The New York Times added fewer new subscribers in the first quarter than it did in the first three months of 2019, the company said Wednesday while releasing its 2021 Q1 earnings.
The Times said it expects growth to return to what it was before last year’s tumultuous news cycle.
“There is no doubt that the news cycles of the last five years, capped by last year’s tumultuous presidential elections, racial reckoning, and the COVID-19 pandemic created unprecedented demand for Times’ journalism and therefore accelerated subscription,” CEO and President Meredith Kopit Levien said in an earnings call with investors.
“In February and March, our audiences declined from their historic highs last year, and we saw fewer net subscription additions in the latter part of the quarter,” she said in the statement announcing the results.
The Times added 167,000 net new digital News subscriptions in Q1, far less than the average of 415,250 per quarter it was adding last year according to an analysis from Hubert Research. The drop in subscription growth echoes a recent decline in ratings experienced by the major cable news networks.
Kopit Levien said the first quarter changes signal a return to pre-2020 news consumption levels.
“With lower forecasted second quarter performance, we now expect annual total net subscription additions to be in the range of our 2019 performance, which, prior to 2020, was our best year for net additions,” she added.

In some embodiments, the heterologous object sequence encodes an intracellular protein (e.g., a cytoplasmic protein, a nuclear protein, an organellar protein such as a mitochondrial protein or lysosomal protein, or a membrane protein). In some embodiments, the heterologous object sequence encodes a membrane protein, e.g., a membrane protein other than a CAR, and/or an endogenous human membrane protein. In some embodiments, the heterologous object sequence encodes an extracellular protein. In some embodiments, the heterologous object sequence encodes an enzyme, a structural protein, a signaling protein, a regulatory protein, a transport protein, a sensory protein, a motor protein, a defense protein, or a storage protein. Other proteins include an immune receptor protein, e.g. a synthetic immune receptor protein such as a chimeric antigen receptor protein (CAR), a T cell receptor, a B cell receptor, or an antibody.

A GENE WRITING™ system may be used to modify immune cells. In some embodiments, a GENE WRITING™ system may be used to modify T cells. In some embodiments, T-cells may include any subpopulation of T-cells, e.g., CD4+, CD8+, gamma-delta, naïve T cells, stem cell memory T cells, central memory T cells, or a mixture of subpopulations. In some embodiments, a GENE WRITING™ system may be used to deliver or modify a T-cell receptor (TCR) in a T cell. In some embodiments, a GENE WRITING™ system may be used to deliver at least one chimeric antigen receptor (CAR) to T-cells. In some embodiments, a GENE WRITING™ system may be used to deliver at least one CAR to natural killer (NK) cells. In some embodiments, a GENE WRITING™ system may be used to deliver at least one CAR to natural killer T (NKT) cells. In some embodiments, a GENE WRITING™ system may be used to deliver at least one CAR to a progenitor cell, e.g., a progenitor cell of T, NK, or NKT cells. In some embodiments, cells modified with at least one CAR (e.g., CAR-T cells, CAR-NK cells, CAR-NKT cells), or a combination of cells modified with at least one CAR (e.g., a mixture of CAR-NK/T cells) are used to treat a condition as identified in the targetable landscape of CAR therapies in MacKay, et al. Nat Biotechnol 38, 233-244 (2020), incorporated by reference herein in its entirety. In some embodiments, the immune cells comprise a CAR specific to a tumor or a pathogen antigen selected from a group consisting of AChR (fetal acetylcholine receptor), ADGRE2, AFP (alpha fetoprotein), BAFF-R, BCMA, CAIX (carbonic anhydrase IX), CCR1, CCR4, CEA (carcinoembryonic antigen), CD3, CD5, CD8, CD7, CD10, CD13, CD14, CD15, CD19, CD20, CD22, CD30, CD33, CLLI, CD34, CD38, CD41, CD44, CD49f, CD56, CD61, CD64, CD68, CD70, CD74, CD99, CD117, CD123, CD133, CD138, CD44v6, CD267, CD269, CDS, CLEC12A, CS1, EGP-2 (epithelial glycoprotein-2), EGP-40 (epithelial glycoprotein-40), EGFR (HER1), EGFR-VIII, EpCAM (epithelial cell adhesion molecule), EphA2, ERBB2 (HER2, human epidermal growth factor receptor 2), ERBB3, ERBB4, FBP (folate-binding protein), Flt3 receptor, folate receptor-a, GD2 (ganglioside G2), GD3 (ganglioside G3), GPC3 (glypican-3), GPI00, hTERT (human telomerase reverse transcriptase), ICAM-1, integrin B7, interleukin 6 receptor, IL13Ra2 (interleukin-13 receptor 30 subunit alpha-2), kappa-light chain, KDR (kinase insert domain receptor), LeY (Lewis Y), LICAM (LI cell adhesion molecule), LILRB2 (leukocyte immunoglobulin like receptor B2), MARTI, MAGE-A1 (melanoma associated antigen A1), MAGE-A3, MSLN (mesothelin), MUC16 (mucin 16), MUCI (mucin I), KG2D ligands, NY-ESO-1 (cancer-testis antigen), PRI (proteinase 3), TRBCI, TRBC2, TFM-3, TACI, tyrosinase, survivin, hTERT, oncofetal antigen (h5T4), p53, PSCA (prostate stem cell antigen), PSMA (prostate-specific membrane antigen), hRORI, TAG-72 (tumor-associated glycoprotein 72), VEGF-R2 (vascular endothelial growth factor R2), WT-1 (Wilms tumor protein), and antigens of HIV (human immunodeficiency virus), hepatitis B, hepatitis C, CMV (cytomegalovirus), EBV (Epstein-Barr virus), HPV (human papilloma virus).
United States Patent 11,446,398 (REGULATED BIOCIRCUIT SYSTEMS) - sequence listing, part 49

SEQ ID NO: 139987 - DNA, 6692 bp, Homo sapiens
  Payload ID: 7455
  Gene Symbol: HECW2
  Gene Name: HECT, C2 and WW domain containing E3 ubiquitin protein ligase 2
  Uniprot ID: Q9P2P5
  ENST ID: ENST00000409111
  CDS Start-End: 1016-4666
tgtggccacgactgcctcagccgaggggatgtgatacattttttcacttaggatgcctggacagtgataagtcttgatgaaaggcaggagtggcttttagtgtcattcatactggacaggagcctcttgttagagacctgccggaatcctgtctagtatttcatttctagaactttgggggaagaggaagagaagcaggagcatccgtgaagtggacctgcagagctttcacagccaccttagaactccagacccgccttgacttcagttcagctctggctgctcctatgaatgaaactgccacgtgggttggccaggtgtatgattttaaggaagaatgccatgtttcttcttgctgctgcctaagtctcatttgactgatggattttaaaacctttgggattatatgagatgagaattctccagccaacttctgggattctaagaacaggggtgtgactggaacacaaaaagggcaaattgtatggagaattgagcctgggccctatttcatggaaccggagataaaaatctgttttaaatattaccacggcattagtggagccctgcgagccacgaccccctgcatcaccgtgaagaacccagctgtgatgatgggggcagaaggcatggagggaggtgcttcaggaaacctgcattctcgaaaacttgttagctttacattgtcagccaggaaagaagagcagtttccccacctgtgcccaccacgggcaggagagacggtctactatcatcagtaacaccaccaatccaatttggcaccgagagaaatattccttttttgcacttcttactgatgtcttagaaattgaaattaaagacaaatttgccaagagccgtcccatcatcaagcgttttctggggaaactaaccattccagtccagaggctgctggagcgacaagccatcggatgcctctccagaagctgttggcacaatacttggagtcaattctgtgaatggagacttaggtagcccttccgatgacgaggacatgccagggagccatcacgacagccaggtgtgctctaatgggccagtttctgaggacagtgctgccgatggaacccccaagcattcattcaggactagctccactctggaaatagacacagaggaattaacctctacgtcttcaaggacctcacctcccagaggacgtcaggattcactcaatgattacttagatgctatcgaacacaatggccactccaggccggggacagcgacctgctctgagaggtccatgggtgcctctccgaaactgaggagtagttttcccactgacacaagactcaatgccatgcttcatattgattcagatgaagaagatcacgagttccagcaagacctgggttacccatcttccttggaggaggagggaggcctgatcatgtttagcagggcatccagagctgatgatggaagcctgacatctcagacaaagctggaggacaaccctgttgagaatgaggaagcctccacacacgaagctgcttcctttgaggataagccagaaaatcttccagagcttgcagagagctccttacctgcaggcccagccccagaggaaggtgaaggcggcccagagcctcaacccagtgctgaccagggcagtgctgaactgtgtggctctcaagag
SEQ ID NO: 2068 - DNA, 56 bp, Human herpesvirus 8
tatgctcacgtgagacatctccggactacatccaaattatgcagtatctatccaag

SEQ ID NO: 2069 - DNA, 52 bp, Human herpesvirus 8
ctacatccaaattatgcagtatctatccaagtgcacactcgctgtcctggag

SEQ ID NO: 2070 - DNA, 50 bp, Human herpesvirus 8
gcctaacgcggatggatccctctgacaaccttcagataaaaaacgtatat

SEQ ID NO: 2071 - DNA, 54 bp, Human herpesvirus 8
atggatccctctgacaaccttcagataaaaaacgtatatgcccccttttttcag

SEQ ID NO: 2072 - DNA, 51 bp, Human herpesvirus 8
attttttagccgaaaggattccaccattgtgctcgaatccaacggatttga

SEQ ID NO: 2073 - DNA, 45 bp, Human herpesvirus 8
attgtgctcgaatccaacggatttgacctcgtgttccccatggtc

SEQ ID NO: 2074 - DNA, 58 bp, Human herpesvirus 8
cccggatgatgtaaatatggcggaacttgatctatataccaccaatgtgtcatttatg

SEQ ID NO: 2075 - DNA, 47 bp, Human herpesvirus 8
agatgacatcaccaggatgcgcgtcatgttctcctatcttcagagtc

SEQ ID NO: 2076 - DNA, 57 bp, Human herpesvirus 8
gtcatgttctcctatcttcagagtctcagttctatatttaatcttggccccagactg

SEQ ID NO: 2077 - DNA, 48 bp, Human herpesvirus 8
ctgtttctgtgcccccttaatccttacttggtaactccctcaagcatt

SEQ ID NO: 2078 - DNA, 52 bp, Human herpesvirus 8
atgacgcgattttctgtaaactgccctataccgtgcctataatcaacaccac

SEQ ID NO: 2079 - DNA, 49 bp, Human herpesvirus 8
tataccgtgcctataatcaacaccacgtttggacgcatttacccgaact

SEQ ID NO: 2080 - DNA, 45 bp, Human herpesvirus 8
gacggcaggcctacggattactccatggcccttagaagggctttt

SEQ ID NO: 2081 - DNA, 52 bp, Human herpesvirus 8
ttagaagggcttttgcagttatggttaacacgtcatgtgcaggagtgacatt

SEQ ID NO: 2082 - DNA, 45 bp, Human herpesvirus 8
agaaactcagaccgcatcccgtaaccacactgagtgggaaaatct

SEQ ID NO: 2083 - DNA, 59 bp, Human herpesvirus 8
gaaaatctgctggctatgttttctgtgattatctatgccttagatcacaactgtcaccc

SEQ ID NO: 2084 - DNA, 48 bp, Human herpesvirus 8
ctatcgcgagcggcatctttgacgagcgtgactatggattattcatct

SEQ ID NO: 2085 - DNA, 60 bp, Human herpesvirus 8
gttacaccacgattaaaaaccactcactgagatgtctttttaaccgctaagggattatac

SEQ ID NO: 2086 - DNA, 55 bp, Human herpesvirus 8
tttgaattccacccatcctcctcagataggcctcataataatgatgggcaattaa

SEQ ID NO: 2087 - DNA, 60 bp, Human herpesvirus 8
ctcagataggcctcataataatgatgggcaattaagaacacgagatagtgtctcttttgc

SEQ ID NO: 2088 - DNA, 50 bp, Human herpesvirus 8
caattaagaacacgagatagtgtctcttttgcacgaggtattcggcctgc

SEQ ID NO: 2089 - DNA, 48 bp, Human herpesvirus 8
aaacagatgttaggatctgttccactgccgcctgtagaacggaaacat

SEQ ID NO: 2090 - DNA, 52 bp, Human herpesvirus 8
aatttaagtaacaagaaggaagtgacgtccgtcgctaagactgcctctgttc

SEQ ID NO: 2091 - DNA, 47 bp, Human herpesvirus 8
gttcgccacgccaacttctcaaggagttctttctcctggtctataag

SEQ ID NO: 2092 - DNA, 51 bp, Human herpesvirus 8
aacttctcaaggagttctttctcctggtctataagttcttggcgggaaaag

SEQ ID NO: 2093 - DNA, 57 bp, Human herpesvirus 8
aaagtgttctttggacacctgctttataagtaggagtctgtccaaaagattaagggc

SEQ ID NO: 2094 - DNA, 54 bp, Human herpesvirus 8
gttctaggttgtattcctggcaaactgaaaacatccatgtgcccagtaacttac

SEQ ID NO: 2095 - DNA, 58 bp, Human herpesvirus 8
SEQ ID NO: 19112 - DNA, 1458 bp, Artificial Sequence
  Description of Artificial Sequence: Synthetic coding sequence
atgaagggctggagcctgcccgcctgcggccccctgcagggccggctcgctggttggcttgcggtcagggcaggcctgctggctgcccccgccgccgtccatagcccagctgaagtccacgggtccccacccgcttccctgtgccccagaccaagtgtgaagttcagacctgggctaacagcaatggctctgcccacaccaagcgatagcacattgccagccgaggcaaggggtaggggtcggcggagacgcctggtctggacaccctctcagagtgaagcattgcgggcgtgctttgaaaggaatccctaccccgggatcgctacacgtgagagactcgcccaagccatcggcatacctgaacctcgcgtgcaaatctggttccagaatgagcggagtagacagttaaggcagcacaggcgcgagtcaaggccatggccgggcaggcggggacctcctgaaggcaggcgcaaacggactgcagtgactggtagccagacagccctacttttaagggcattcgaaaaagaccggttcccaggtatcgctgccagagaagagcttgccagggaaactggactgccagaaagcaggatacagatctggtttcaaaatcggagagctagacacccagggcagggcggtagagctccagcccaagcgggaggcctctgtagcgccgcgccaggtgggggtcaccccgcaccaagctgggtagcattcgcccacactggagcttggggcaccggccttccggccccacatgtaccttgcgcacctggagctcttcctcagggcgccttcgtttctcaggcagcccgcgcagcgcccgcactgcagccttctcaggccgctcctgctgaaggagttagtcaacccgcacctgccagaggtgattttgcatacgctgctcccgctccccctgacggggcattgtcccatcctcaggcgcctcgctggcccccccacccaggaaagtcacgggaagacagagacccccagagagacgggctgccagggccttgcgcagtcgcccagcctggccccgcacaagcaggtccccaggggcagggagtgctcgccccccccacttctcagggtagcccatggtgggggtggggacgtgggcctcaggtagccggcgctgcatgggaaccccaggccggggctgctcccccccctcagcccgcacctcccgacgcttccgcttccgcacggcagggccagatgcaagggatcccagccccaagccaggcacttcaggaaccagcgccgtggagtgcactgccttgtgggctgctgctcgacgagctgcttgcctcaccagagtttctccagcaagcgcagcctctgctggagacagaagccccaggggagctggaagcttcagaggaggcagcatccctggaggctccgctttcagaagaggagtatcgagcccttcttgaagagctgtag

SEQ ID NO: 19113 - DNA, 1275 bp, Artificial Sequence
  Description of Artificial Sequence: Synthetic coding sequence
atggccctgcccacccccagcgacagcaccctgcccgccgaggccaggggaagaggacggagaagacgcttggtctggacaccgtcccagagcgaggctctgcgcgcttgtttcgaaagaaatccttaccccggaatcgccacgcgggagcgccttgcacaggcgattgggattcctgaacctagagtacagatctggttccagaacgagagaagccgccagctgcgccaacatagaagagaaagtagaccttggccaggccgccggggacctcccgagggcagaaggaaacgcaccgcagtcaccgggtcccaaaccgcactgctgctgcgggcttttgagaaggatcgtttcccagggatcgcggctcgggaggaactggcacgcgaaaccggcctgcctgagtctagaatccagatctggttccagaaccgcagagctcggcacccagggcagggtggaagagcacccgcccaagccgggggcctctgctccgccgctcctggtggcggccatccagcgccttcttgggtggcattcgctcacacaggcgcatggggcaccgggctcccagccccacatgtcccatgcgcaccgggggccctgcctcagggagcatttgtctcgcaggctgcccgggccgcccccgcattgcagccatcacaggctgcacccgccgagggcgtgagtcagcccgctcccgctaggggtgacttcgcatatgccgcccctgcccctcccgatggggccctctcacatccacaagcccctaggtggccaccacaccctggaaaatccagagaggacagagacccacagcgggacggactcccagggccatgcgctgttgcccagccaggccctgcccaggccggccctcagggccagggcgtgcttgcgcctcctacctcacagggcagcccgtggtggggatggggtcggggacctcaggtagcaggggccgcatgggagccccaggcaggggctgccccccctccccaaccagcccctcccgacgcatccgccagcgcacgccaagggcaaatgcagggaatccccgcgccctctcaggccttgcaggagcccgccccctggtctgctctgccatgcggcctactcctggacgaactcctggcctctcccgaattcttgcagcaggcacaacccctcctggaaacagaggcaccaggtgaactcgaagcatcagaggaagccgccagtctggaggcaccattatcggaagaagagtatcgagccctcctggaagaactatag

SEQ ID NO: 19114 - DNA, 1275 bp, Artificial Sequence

The change was not unexpected. In the Times’s 2020 fourth quarter earnings call, Kopit Levien cautioned that the growth in new subscribers was driven by the unpredictable news cycle in 20202, and that similar growth can’t be counted on.
Even though the number of Times news subscribers grew by less this quarter, it still grew. As of the first quarter of 2021, the paper had 5.3 million news only subscribers compared to 5.1 million at the end 2020.
Also, the total number of all subscribers — those who sign for news and for other content like cooking and games — also grew to 7.8 million in the first quarter this year from 7.5 million at the end of 2020.
Kopit Levien said the first quarter’s subdued growth does not reflect the basic strength of the Time’s readership.
“While total audience registered readers on site and subscriber engagement are somewhat lower this year than last, these metrics are all higher than in 2019,” she said.
She also said that while subscribers who signed up last year may be less likely to renew subscriptions than others, the company is happy with subscriber retention.
“When we compare ourselves to other content based digital media companies, we think our churn or our overall retention [rate] and monthly churn are at a world-class level…” Kopit Levien said. “I’d say that the newest cohort, you know a huge surge in new [subscriptions] last year, the newest cohort folks who came in last year are retaining slightly less well than in the past, but I’d say not in a troubling way.“
Overall revenue for the company in the first quarter of 2021 grew 6.6 percent compared to the same period in 2020, to $473 million. That includes $329.1 million subscription revenue.
Ad revenue dropped 8.5 percent to $97.1 million, the company stated. Digital advertising revenue grew by 16.3 percent but print advertising revenue decreased 31.6 percent.
Last year digital revenue, both subscriptions and ads, exceeded the Times’ print revenue for the first time in the midst of the pandemic.